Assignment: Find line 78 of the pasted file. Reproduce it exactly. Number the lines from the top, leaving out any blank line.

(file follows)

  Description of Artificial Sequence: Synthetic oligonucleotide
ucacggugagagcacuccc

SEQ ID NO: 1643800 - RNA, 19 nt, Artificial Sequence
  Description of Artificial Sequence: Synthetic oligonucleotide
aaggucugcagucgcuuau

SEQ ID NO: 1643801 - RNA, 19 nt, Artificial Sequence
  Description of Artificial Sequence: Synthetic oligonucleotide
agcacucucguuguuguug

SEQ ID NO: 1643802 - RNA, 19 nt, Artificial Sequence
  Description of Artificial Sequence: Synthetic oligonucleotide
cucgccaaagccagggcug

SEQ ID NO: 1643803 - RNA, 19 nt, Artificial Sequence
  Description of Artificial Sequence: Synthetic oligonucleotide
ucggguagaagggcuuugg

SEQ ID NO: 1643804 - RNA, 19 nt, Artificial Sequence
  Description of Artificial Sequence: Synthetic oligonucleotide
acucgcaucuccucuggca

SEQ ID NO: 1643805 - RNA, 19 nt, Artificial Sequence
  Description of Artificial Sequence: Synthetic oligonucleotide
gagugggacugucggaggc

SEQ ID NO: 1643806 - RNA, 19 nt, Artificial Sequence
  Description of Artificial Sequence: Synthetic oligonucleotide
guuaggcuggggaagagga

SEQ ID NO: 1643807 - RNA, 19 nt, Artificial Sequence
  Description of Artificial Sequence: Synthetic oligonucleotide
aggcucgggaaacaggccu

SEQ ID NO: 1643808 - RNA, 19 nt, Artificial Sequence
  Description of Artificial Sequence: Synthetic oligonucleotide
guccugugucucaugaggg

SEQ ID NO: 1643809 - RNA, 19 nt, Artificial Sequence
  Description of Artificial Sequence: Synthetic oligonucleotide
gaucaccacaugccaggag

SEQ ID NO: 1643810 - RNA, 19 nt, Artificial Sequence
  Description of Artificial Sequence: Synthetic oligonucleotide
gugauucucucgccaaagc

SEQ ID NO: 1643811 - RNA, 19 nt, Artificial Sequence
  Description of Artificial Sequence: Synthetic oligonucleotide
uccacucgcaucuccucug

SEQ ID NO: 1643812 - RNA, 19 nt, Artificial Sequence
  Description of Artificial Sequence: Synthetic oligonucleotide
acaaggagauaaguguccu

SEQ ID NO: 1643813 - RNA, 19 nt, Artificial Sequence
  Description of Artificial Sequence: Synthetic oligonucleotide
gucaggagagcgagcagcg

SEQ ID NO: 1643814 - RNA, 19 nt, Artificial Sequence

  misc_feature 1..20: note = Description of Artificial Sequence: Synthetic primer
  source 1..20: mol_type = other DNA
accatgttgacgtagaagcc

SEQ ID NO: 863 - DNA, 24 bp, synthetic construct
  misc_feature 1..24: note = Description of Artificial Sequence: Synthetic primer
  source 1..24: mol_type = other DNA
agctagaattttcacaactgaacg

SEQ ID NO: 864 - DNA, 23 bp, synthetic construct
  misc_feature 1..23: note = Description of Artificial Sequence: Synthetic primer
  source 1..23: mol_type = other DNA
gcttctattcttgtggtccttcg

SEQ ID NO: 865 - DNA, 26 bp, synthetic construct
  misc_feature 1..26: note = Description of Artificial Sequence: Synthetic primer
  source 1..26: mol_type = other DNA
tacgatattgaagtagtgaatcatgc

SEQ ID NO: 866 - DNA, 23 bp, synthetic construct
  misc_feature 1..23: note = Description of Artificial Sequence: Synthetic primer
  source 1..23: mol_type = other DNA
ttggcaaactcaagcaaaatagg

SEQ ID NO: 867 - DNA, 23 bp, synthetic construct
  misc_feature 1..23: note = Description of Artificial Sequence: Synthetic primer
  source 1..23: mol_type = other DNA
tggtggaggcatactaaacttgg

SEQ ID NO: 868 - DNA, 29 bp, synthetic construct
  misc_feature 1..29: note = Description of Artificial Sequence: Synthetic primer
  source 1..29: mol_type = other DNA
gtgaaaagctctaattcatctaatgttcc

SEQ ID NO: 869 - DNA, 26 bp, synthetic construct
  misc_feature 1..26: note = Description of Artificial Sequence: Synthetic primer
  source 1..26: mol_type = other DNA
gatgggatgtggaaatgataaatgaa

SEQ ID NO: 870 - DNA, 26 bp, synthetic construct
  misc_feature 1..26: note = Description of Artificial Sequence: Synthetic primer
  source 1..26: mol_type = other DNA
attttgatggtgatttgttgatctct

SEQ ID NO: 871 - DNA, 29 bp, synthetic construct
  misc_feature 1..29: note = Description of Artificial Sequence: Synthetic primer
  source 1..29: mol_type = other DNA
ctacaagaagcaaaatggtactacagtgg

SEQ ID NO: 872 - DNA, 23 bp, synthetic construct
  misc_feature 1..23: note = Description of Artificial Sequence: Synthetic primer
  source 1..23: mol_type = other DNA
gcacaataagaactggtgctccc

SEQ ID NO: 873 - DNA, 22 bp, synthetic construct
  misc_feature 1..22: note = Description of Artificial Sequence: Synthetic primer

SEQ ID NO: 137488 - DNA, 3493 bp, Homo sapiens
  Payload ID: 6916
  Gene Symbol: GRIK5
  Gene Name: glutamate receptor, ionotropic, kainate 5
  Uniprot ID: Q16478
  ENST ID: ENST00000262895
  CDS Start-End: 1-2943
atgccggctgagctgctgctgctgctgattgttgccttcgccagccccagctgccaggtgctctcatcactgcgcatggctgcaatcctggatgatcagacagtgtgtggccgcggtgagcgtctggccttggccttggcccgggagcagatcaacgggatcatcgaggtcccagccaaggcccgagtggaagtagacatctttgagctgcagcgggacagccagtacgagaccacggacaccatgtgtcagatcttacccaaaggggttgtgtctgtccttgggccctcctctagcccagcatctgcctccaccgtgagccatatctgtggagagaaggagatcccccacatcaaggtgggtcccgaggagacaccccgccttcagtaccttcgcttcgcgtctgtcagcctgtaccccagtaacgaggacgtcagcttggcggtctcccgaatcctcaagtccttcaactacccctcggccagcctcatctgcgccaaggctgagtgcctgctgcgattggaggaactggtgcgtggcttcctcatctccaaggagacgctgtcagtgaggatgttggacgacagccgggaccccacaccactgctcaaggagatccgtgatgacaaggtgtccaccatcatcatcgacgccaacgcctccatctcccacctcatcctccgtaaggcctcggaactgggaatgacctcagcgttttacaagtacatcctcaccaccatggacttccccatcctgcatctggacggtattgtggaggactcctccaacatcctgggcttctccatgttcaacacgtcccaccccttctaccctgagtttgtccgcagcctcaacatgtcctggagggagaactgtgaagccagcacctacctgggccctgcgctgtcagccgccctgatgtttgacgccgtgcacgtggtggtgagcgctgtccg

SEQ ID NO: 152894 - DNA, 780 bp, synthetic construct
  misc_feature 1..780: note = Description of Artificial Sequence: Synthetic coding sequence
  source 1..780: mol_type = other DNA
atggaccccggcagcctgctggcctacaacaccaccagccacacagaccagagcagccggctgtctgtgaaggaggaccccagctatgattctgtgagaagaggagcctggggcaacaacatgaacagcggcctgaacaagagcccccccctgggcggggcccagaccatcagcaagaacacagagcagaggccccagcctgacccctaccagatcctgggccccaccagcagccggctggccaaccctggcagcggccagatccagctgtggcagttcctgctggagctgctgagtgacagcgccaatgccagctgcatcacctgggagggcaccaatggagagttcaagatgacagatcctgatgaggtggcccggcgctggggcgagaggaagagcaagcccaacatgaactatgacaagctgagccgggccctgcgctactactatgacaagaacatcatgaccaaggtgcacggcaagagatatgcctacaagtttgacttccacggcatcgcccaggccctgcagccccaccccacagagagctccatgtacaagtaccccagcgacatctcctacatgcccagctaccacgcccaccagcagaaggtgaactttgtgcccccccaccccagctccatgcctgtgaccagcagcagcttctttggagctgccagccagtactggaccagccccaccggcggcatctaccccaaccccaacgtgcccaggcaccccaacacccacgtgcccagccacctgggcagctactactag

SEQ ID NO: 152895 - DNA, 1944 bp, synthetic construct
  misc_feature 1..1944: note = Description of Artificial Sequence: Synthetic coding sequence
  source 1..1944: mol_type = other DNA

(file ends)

  misc_feature 1..26: note = Description of Artificial Sequence: Synthetic primer